[linux-audio-user] Re: Gnome Wave Cleaner

Erik Steffl steffl at bigfoot.com
Mon Aug 15 10:13:31 EDT 2005


David Cournapeau wrote:
> On 8/12/05, Paul Davis <paul at linuxaudiosystems.com> wrote:
> 
>>>Yes.  I thought that seemed odd.  Thanks for verifying.
>>>***What's the correct way to un-install them now?***
>>
>>go back into the source code directory you built+installed them from.
>>type:
>>
>>        make uninstall
>>
>>you must not have re-run configure with different options since doing
>>the last make install.
>>
>>note that in the case of the ultimate screw up (e.g. with JACK), you can
>>still use this method. suppose you mistakenly did this:
>>
>>        (unpack source tarball)
>>        cd srcdir
>>        ./configure
>>        make
>>        make install
>>        (remember that you mean to use --prefix=/usr)
>>        ./configure --prefix=/usr
>>        make
>>        make install
>>        (remember that you shouldn't mix tarballs and packages)
>>
>>looks bad now - you have two versions of the software, one under /usr,
>>one under /usr/local.
>>
>>its ok, just do this:
>>
>>        cd srcdir
>>        ./configure
>>        make uninstall
>>        ./configure --prefix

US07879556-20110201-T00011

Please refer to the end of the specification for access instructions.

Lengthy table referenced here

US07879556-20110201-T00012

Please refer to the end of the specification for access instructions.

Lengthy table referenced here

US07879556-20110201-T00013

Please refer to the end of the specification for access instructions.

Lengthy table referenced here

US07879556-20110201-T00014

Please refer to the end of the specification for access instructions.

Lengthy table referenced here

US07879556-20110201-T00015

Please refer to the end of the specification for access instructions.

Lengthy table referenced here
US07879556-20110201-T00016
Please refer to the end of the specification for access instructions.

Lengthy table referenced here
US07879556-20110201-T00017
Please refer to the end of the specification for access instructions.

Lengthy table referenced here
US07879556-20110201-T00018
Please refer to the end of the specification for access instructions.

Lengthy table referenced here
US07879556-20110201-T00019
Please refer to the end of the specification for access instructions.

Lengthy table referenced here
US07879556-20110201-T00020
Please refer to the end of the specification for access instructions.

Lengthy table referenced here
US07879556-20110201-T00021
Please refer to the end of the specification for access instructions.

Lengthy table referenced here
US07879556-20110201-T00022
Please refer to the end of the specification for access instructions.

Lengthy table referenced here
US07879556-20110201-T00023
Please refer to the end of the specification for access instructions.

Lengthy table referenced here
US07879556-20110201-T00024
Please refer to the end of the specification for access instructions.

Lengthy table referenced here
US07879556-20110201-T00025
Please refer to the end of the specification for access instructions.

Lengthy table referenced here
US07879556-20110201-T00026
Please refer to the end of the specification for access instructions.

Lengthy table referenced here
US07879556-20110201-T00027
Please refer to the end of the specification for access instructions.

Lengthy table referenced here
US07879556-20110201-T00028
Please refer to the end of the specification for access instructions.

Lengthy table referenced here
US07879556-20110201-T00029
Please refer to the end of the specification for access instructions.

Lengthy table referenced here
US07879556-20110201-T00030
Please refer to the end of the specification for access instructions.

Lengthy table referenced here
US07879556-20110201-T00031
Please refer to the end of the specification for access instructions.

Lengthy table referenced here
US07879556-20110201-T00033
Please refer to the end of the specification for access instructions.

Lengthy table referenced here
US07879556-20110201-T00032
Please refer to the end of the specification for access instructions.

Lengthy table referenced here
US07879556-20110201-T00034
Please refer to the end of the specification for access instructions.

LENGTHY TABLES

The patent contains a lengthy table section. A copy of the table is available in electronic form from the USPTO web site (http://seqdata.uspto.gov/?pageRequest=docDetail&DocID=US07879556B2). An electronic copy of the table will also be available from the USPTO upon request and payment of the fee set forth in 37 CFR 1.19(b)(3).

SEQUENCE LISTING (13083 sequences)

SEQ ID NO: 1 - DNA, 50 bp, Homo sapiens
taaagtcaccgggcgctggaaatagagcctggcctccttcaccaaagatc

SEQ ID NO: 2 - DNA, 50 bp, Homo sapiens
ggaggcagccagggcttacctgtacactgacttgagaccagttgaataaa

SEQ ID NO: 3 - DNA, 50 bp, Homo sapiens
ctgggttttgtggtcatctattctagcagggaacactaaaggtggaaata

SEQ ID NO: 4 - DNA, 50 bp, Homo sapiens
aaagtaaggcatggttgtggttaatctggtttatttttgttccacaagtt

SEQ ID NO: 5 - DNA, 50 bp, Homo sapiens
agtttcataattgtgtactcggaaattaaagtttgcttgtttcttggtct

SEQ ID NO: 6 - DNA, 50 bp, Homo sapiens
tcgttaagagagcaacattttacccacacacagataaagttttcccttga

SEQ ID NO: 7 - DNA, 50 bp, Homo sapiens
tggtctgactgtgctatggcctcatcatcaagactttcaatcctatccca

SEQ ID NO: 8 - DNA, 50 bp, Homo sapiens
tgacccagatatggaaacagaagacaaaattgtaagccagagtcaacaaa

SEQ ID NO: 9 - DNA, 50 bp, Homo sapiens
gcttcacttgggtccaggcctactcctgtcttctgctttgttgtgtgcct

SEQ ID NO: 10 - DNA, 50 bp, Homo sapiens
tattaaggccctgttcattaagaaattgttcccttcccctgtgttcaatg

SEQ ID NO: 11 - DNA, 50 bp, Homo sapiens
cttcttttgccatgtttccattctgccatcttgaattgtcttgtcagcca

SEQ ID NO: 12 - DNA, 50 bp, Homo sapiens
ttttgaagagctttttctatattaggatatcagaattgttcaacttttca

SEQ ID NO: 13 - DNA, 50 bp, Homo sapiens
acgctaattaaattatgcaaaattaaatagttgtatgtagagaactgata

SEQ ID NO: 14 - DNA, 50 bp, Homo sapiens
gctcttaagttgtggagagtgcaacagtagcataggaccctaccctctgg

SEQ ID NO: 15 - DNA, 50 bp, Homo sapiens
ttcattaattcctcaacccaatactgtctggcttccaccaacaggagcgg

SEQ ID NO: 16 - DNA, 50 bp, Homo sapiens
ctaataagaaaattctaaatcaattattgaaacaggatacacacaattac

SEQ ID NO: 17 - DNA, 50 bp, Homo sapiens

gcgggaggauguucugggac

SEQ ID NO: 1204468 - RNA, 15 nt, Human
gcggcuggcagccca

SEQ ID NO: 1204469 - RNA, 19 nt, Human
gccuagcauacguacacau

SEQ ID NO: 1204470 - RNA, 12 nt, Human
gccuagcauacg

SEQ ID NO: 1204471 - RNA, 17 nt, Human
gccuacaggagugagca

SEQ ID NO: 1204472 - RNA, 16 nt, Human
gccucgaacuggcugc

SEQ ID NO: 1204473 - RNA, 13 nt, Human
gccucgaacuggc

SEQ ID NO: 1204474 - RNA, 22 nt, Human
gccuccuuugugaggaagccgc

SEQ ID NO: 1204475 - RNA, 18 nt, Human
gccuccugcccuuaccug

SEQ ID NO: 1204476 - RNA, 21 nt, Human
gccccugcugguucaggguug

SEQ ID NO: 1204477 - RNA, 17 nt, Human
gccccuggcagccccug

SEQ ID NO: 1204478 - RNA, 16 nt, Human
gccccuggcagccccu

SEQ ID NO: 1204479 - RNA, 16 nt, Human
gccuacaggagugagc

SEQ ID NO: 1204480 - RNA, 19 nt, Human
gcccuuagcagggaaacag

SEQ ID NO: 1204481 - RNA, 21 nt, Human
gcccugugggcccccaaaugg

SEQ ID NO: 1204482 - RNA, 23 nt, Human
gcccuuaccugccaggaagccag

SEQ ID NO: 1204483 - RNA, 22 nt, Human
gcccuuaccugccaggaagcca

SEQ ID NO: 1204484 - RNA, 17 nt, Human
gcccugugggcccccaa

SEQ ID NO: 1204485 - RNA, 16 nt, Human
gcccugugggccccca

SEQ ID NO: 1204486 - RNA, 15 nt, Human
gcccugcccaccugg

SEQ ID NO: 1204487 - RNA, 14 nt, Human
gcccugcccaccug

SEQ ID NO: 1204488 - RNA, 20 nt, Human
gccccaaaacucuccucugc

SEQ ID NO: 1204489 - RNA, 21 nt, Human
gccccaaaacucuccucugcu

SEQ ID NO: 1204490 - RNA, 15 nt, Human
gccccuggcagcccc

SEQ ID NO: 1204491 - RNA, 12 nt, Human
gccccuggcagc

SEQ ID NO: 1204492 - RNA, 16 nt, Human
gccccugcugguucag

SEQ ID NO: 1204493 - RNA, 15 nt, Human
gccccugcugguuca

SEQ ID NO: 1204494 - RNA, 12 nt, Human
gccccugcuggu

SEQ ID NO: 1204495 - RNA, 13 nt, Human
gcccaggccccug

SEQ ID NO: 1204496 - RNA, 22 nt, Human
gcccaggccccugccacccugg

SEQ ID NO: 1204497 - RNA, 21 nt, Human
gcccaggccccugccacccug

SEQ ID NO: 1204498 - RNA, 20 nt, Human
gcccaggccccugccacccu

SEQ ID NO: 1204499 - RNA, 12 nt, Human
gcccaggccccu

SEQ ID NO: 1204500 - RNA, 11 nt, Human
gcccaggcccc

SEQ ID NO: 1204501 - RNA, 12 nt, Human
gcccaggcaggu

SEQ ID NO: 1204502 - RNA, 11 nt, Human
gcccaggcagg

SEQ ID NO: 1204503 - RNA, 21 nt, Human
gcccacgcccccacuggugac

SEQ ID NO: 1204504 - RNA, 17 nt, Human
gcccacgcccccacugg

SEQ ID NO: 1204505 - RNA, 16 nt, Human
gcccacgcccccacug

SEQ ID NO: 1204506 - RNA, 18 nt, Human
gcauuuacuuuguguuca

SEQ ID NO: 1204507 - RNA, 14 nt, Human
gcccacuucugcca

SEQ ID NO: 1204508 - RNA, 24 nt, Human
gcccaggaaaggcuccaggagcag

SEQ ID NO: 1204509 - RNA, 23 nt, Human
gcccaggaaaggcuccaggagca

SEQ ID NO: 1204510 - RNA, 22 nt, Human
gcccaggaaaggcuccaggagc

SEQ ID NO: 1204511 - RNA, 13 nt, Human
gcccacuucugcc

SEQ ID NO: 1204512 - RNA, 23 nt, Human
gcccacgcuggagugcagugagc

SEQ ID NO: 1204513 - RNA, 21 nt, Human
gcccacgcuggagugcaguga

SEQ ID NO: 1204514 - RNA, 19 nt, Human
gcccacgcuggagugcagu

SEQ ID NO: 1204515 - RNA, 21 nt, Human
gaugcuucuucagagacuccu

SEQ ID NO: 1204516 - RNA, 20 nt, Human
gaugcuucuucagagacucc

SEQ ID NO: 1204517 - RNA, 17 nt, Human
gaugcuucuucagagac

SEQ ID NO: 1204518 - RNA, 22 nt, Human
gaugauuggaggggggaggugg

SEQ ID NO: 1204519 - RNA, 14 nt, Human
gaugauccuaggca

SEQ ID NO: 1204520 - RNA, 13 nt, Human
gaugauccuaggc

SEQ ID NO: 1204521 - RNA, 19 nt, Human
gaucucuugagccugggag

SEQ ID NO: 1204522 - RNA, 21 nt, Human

>>        make uninstall
>>
>>and its all cleaned up.
>>
>>--p "no sir, never had to do that, no sir, never, no sir"
> 
> 
> An advice I would add: do not install libraries from source code by
> yourself (ie without your package manager knowing it), because it will
> cause many problems later, if you do not know exactly what you are
> doing.
> 
> If you really want to try some new versions from source, you should
> use something like checkinstall, which builds a rpm or a .deb from
> your sources.
> 
> http://asic-linux.com.mx/~izto/checkinstall/
> 
> The big advantage of this method is that your package manager knows
> about what you installed, and where, thus making the uninstall part a
> non problem.

   the other option is to install into /opt/package-version (using 
./configure --prefix=/opt/package-version), possibly using stow to 
create links in /usr/local, in that case the instwallation is completely 
independent from your packaging system, you can have multiple versions 
installed and control which one is used by either stow or using env 
variables etc.

   (one way or another definitely do not install anything into usualy 
system libs like /usr, /etc etc., pretty much everything except of 
/usr/local, /opt and /home should be handled by package manager)

	erik


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